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Award-winning police reservist dies of pneumonia

Siyabonga Ntamo, 40, died of pneumonia at the Uitenhage Provincial Hospital earlier this week.
Siyabonga Ntamo, 40, died of pneumonia at the Uitenhage Provincial Hospital earlier this week.
Image: Supplied

A Port Elizabeth police reservist has died in hospital from pneumonia, weeks after returning from a boat cruise to Mozambique.

While his family said he had been tested for the coronavirus and that the results had come back negative, the health department said on Thursday that he had not been tested for the virus as he did not display any of the symptoms, reports HeraldLIVE.

Provincial police commissioner Lt-Gen Liziwe Ntshinga said she was shocked at the sudden death of 40-year-old Siyabonga Ntamo, who had been a police reservist for years.

Ntamo, a father of five children aged between two and 18, joined the Despatch police reservists in 2005. He transferred to the Port Elizabeth Flying Squad in 2013, where he had been ever since.

Ntshinga said Ntamo had won the National Reservist of the Year award two years in a row, in 2017/2018 and 2018/2019.

 “On March 12, he was admitted to hospital complaining of severe headaches and pneumonia,” she said.

“On March 18, he passed away in hospital.”

“His departure has sent shock waves throughout the corridors of the organisation, where he was dearly loved.” 

Ntamo worked closely with Warrant Officer Severiano Blundin, 33, who won the country’s top cop award in January.

Blundin also won the national Tracker Award and the National Policeman of the Year award in 2016/2017.

Part of his latest prize was the weeklong cruise to Mozambique, which Ntamo had accompanied him on.

The boat docked in Durban on February 21, as news of the global coronavirus outbreak was hitting the headlines.

According to police officials, Ntamo started feeling ill while still on the cruise but dismissed it as seasickness.

However, he started feeling worse on his return home.

One official, who works closely with Ntamo but did not want to be named, said Ntamo had been admitted to the Uitenhage Provincial Hospital after experiencing severe headaches and coughing, among other symptoms.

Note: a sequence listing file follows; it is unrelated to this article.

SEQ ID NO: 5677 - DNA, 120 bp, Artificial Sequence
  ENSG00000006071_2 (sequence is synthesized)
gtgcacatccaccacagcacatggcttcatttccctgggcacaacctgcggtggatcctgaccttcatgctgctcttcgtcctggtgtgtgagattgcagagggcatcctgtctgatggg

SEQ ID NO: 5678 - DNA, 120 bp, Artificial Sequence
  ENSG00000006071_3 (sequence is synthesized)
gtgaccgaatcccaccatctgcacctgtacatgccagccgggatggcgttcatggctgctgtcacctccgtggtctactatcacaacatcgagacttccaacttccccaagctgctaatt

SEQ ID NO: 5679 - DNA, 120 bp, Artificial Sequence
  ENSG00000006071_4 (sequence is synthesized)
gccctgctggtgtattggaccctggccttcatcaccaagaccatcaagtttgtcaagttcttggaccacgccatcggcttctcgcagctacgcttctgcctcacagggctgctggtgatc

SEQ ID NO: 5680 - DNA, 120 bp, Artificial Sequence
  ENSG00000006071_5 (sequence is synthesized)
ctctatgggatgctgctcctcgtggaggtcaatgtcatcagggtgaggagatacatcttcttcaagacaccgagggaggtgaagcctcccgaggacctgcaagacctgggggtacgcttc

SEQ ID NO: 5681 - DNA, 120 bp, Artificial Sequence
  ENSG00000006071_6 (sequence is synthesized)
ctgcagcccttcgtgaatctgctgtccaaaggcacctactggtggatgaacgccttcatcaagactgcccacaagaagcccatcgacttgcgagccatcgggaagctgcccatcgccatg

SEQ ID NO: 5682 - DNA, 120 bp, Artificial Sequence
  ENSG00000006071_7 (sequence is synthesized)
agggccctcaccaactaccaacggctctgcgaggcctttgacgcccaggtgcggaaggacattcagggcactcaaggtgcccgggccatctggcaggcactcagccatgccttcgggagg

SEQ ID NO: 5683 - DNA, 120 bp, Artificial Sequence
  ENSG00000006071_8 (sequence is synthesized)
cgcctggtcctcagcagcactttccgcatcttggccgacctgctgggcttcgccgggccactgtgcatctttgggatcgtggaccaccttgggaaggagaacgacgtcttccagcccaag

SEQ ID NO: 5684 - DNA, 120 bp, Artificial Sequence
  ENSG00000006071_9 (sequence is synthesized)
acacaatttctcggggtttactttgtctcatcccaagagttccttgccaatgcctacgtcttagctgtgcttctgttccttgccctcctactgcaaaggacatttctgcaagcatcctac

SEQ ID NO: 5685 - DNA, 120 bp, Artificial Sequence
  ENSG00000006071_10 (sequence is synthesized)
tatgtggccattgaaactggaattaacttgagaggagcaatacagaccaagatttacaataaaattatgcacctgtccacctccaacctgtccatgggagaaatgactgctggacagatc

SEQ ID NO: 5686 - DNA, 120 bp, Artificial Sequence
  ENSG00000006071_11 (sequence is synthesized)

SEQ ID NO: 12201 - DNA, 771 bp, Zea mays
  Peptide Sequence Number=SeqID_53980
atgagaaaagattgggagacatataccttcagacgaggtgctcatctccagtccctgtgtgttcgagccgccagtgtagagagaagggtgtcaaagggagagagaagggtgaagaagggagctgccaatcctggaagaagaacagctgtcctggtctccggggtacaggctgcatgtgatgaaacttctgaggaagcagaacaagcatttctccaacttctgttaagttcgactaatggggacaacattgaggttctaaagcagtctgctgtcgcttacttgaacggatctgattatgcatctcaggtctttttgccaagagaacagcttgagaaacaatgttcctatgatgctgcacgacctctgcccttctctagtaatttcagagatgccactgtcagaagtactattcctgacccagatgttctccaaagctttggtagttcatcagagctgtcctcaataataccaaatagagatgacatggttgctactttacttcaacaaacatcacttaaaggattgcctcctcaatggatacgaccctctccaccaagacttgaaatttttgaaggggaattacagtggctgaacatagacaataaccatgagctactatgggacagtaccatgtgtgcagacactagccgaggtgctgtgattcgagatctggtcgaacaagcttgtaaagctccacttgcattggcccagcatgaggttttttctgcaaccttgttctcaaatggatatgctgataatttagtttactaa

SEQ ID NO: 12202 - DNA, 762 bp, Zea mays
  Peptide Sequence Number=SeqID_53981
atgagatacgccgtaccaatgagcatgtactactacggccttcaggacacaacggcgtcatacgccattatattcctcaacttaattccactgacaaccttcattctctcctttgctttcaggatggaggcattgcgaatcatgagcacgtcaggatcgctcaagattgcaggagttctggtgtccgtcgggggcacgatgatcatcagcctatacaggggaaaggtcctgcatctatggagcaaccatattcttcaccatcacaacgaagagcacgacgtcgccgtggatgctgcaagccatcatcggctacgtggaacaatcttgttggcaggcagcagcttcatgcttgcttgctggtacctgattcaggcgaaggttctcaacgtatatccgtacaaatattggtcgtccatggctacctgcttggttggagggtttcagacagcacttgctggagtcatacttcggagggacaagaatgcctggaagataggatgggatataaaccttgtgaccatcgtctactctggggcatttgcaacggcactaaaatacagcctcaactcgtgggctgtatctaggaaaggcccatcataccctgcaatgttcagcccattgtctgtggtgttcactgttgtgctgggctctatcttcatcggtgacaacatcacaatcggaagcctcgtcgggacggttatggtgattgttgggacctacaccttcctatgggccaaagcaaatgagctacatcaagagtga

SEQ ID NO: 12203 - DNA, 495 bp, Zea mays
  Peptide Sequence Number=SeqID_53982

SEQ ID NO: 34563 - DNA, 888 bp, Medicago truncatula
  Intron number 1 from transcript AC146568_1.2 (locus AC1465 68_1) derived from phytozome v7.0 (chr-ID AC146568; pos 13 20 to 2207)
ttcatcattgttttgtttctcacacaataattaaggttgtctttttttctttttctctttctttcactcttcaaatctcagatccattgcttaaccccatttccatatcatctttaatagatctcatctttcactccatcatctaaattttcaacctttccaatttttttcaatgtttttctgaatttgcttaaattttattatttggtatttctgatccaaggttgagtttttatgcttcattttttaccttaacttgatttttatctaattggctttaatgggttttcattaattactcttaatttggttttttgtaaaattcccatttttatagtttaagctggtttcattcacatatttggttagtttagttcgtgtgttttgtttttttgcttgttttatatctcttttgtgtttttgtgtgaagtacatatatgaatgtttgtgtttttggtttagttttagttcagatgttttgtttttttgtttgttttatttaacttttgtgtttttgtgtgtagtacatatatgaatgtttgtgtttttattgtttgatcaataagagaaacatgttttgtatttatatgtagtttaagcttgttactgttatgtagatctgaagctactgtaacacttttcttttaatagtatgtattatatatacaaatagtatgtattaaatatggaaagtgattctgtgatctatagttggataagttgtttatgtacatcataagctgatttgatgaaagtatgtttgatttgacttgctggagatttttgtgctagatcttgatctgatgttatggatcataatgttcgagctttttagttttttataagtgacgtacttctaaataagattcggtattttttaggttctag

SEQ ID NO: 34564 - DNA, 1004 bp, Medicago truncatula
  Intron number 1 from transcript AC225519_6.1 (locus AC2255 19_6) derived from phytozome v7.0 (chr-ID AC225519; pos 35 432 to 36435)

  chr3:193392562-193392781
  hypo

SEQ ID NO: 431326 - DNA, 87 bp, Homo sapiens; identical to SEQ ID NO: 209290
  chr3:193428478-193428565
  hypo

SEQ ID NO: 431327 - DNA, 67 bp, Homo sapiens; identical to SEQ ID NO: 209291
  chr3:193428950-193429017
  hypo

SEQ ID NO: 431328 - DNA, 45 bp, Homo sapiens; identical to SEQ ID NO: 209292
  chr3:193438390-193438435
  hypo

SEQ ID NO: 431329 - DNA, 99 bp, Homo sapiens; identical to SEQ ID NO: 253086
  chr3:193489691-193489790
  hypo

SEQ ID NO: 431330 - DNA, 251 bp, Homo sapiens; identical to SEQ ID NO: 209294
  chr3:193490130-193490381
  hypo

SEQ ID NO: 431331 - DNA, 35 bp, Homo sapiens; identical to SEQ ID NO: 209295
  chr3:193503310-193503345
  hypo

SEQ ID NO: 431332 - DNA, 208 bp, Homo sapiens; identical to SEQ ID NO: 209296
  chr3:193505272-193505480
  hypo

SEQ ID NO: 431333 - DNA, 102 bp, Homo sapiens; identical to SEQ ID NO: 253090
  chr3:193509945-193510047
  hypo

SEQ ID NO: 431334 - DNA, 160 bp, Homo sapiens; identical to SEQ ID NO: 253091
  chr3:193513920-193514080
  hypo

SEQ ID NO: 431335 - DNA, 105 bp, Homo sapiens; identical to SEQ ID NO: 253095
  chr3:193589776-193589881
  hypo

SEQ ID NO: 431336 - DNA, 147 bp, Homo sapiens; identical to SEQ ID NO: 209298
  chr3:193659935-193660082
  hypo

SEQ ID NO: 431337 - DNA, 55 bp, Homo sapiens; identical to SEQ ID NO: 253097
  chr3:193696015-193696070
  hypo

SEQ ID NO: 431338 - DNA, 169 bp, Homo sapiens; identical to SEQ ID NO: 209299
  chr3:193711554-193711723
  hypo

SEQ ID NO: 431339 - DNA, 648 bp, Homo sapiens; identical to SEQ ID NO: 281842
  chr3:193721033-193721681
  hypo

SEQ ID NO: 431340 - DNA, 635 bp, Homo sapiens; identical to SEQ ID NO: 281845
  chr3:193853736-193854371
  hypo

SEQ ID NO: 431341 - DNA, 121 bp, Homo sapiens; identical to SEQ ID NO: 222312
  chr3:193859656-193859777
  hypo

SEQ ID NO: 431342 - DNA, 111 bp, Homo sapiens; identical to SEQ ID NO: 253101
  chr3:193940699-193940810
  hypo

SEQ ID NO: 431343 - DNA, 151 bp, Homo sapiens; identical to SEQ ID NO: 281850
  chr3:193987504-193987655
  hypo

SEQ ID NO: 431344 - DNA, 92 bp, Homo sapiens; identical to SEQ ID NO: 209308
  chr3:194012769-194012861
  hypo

“They [his family] told us he had been tested for [the coronavirus] and that it came back negative,” said the policeman.

“He was originally moved from a private hospital in Port Elizabeth to Livingstone Hospital in Uitenhage — all within a few hours.”

Ntamo died on Wednesday morning.

His brother Thobela Ntamo said they were shocked by his death. “I cannot believe it. The doctors say he had a lung infection and pneumonia, which led to him being placed on machines to breathe. It was very bad,” he said.

“I was told he was tested twice [for the coronavirus] at two of the hospitals and that it was negative.”

Thobela described Ntamo  as a well-loved and passionate person, who always helped others where he could. “He loved police work. We told him to leave it but he wouldn’t, he loved it so much.”

Blundin and Ntamo were involved in a shoot-out and car chase on November 1 after a robbery at the Adelaide Post Office.

The two spotted the suspects' car on the N2, near Kinkelbos, heading towards Port Elizabeth and sped after it. Eventually they forced the car off the road. They shot and wounded one man and arrested the other two.

In August, the two colleagues were involved in the arrest of a cash-in-transit heist suspect after G4S security guards were robbed.

The suspect was arrested at a house in New Brighton, with some of the money stolen in the heist found in the shack.

Provincial health department spokesperson Siyanda Manana said Ntamo had not been tested for the coronavirus as he had not shown any of the relevant symptoms.

“He was initially quarantined at the Uitenhage Provincial Hospital, from where the family then opted to take him to another facility, The patient then went to two other hospitals, including a private hospital, before being readmitted to the Uitenhage Provincial Hospital,” said Manana.

“A specialist in coronavirus did examine the patient and he showed no symptoms of the virus and so he was not tested. Because he showed no symptoms, he was not considered a high-risk case.”

Manana said tests would not be conducted on Ntamo’s body to further determine whether his death was linked to the virus.

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